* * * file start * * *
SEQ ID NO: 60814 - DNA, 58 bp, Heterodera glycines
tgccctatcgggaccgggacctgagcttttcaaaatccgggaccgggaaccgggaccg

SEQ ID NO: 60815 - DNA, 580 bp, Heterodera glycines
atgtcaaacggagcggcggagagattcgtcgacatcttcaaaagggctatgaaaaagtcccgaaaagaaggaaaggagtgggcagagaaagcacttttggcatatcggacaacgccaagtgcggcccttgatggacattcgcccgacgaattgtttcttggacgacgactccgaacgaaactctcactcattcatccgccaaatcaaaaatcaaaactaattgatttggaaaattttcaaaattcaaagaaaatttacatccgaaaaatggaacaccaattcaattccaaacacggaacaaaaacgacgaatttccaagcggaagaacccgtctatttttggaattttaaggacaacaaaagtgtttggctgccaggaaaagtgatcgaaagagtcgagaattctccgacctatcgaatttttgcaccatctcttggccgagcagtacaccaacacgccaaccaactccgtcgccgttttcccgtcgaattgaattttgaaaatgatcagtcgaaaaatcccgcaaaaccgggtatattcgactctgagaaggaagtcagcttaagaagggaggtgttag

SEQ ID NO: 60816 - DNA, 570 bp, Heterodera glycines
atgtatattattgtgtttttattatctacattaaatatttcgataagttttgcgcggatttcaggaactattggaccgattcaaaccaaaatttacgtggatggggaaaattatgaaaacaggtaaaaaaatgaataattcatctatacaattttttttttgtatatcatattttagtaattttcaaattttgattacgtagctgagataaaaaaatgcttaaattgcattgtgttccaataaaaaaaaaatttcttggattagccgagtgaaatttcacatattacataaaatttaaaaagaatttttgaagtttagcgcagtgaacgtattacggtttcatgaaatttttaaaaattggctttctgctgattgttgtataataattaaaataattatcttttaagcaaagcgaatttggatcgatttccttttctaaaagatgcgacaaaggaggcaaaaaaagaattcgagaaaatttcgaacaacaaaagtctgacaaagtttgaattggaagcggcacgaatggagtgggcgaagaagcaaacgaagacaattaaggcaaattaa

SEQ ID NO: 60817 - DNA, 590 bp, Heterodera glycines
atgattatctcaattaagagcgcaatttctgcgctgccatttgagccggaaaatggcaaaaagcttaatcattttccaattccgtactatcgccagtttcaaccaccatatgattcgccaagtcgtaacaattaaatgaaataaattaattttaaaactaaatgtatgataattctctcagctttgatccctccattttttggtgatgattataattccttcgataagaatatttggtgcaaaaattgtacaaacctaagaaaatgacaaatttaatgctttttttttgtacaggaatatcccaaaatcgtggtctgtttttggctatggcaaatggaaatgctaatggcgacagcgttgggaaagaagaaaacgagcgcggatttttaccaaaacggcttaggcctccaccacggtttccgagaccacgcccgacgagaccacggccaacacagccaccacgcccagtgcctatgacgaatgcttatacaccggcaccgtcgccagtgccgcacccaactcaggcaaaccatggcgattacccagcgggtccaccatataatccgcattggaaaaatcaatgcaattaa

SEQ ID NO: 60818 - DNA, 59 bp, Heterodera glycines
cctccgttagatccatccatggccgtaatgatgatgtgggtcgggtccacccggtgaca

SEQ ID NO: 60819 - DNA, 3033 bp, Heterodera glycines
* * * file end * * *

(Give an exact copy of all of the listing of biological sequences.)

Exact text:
SEQ ID NO: 60814 - DNA, 58 bp, Heterodera glycines
tgccctatcgggaccgggacctgagcttttcaaaatccgggaccgggaaccgggaccg

SEQ ID NO: 60815 - DNA, 580 bp, Heterodera glycines
atgtcaaacggagcggcggagagattcgtcgacatcttcaaaagggctatgaaaaagtcccgaaaagaaggaaaggagtgggcagagaaagcacttttggcatatcggacaacgccaagtgcggcccttgatggacattcgcccgacgaattgtttcttggacgacgactccgaacgaaactctcactcattcatccgccaaatcaaaaatcaaaactaattgatttggaaaattttcaaaattcaaagaaaatttacatccgaaaaatggaacaccaattcaattccaaacacggaacaaaaacgacgaatttccaagcggaagaacccgtctatttttggaattttaaggacaacaaaagtgtttggctgccaggaaaagtgatcgaaagagtcgagaattctccgacctatcgaatttttgcaccatctcttggccgagcagtacaccaacacgccaaccaactccgtcgccgttttcccgtcgaattgaattttgaaaatgatcagtcgaaaaatcccgcaaaaccgggtatattcgactctgagaaggaagtcagcttaagaagggaggtgttag

SEQ ID NO: 60816 - DNA, 570 bp, Heterodera glycines
atgtatattattgtgtttttattatctacattaaatatttcgataagttttgcgcggatttcaggaactattggaccgattcaaaccaaaatttacgtggatggggaaaattatgaaaacaggtaaaaaaatgaataattcatctatacaattttttttttgtatatcatattttagtaattttcaaattttgattacgtagctgagataaaaaaatgcttaaattgcattgtgttccaataaaaaaaaaatttcttggattagccgagtgaaatttcacatattacataaaatttaaaaagaatttttgaagtttagcgcagtgaacgtattacggtttcatgaaatttttaaaaattggctttctgctgattgttgtataataattaaaataattatcttttaagcaaagcgaatttggatcgatttccttttctaaaagatgcgacaaaggaggcaaaaaaagaattcgagaaaatttcgaacaacaaaagtctgacaaagtttgaattggaagcggcacgaatggagtgggcgaagaagcaaacgaagacaattaaggcaaattaa

SEQ ID NO: 60817 - DNA, 590 bp, Heterodera glycines
atgattatctcaattaagagcgcaatttctgcgctgccatttgagccggaaaatggcaaaaagcttaatcattttccaattccgtactatcgccagtttcaaccaccatatgattcgccaagtcgtaacaattaaatgaaataaattaattttaaaactaaatgtatgataattctctcagctttgatccctccattttttggtgatgattataattccttcgataagaatatttggtgcaaaaattgtacaaacctaagaaaatgacaaatttaatgctttttttttgtacaggaatatcccaaaatcgtggtctgtttttggctatggcaaatggaaatgctaatggcgacagcgttgggaaagaagaaaacgagcgcggatttttaccaaaacggcttaggcctccaccacggtttccgagaccacgcccgacgagaccacggccaacacagccaccacgcccagtgcctatgacgaatgcttatacaccggcaccgtcgccagtgccgcacccaactcaggcaaaccatggcgattacccagcgggtccaccatataatccgcattggaaaaatcaatgcaattaa

SEQ ID NO: 60818 - DNA, 59 bp, Heterodera glycines
cctccgttagatccatccatggccgtaatgatgatgtgggtcgggtccacccggtgaca

SEQ ID NO: 60819 - DNA, 3033 bp, Heterodera glycines